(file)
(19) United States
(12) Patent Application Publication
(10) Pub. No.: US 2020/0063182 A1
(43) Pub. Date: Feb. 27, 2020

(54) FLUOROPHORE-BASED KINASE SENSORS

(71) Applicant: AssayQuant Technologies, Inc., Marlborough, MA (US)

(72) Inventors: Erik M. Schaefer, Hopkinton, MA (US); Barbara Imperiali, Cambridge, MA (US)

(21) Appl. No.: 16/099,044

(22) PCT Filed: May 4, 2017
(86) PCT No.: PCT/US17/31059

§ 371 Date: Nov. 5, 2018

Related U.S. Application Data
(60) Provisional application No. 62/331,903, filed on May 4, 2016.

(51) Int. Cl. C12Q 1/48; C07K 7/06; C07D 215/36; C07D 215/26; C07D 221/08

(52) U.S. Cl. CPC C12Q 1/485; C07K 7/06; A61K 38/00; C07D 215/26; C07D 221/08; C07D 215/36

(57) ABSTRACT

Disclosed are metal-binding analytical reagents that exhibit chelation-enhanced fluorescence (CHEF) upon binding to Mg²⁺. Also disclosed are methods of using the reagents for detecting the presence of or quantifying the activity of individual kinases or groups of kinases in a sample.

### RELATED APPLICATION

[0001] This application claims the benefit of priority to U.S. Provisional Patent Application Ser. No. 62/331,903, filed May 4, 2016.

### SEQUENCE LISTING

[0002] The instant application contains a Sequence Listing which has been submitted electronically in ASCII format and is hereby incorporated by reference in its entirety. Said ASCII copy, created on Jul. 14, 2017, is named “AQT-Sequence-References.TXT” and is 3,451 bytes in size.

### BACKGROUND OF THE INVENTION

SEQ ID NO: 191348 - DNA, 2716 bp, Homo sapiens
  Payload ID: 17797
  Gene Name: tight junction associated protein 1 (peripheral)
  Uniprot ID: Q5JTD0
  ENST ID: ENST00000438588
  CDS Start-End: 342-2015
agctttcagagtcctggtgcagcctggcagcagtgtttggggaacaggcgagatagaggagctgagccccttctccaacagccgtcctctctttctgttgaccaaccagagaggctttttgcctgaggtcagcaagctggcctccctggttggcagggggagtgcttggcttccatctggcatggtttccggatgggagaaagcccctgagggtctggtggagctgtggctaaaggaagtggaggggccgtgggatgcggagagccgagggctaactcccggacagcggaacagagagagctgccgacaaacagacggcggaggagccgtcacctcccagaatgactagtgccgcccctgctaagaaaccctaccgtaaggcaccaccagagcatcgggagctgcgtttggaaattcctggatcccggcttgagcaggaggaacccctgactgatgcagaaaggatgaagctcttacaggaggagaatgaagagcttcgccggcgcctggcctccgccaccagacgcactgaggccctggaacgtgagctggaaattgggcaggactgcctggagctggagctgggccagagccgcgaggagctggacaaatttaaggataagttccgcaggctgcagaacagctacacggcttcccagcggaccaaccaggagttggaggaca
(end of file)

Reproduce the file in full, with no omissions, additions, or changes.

(19) United States
(12) Patent Application Publication
(10) Pub. No.: US 2020/0063182 A1
(43) Pub. Date: Feb. 27, 2020

(54) FLUOROPHORE-BASED KINASE SENSORS

(71) Applicant: AssayQuant Technologies, Inc., Marlborough, MA (US)

(72) Inventors: Erik M. Schaefer, Hopkinton, MA (US); Barbara Imperiali, Cambridge, MA (US)

(21) Appl. No.: 16/099,044

(22) PCT Filed: May 4, 2017
(86) PCT No.: PCT/US17/31059

§ 371 Date: Nov. 5, 2018

Related U.S. Application Data
(60) Provisional application No. 62/331,903, filed on May 4, 2016.

(51) Int. Cl. C12Q 1/48; C07K 7/06; C07D 215/36; C07D 215/26; C07D 221/08

(52) U.S. Cl. CPC C12Q 1/485; C07K 7/06; A61K 38/00; C07D 215/26; C07D 221/08; C07D 215/36

(57) ABSTRACT

Disclosed are metal-binding analytical reagents that exhibit chelation-enhanced fluorescence (CHEF) upon binding to Mg²⁺. Also disclosed are methods of using the reagents for detecting the presence of or quantifying the activity of individual kinases or groups of kinases in a sample.

### RELATED APPLICATION

[0001] This application claims the benefit of priority to U.S. Provisional Patent Application Ser. No. 62/331,903, filed May 4, 2016.

### SEQUENCE LISTING

[0002] The instant application contains a Sequence Listing which has been submitted electronically in ASCII format and is hereby incorporated by reference in its entirety. Said ASCII copy, created on Jul. 14, 2017, is named “AQT-Sequence-References.TXT” and is 3,451 bytes in size.

### BACKGROUND OF THE INVENTION

SEQ ID NO: 191348 - DNA, 2716 bp, Homo sapiens
  Payload ID: 17797
  Gene Name: tight junction associated protein 1 (peripheral)
  Uniprot ID: Q5JTD0
  ENST ID: ENST00000438588
  CDS Start-End: 342-2015
agctttcagagtcctggtgcagcctggcagcagtgtttggggaacaggcgagatagaggagctgagccccttctccaacagccgtcctctctttctgttgaccaaccagagaggctttttgcctgaggtcagcaagctggcctccctggttggcagggggagtgcttggcttccatctggcatggtttccggatgggagaaagcccctgagggtctggtggagctgtggctaaaggaagtggaggggccgtgggatgcggagagccgagggctaactcccggacagcggaacagagagagctgccgacaaacagacggcggaggagccgtcacctcccagaatgactagtgccgcccctgctaagaaaccctaccgtaaggcaccaccagagcatcgggagctgcgtttggaaattcctggatcccggcttgagcaggaggaacccctgactgatgcagaaaggatgaagctcttacaggaggagaatgaagagcttcgccggcgcctggcctccgccaccagacgcactgaggccctggaacgtgagctggaaattgggcaggactgcctggagctggagctgggccagagccgcgaggagctggacaaatttaaggataagttccgcaggctgcagaacagctacacggcttcccagcggaccaaccaggagttggaggaca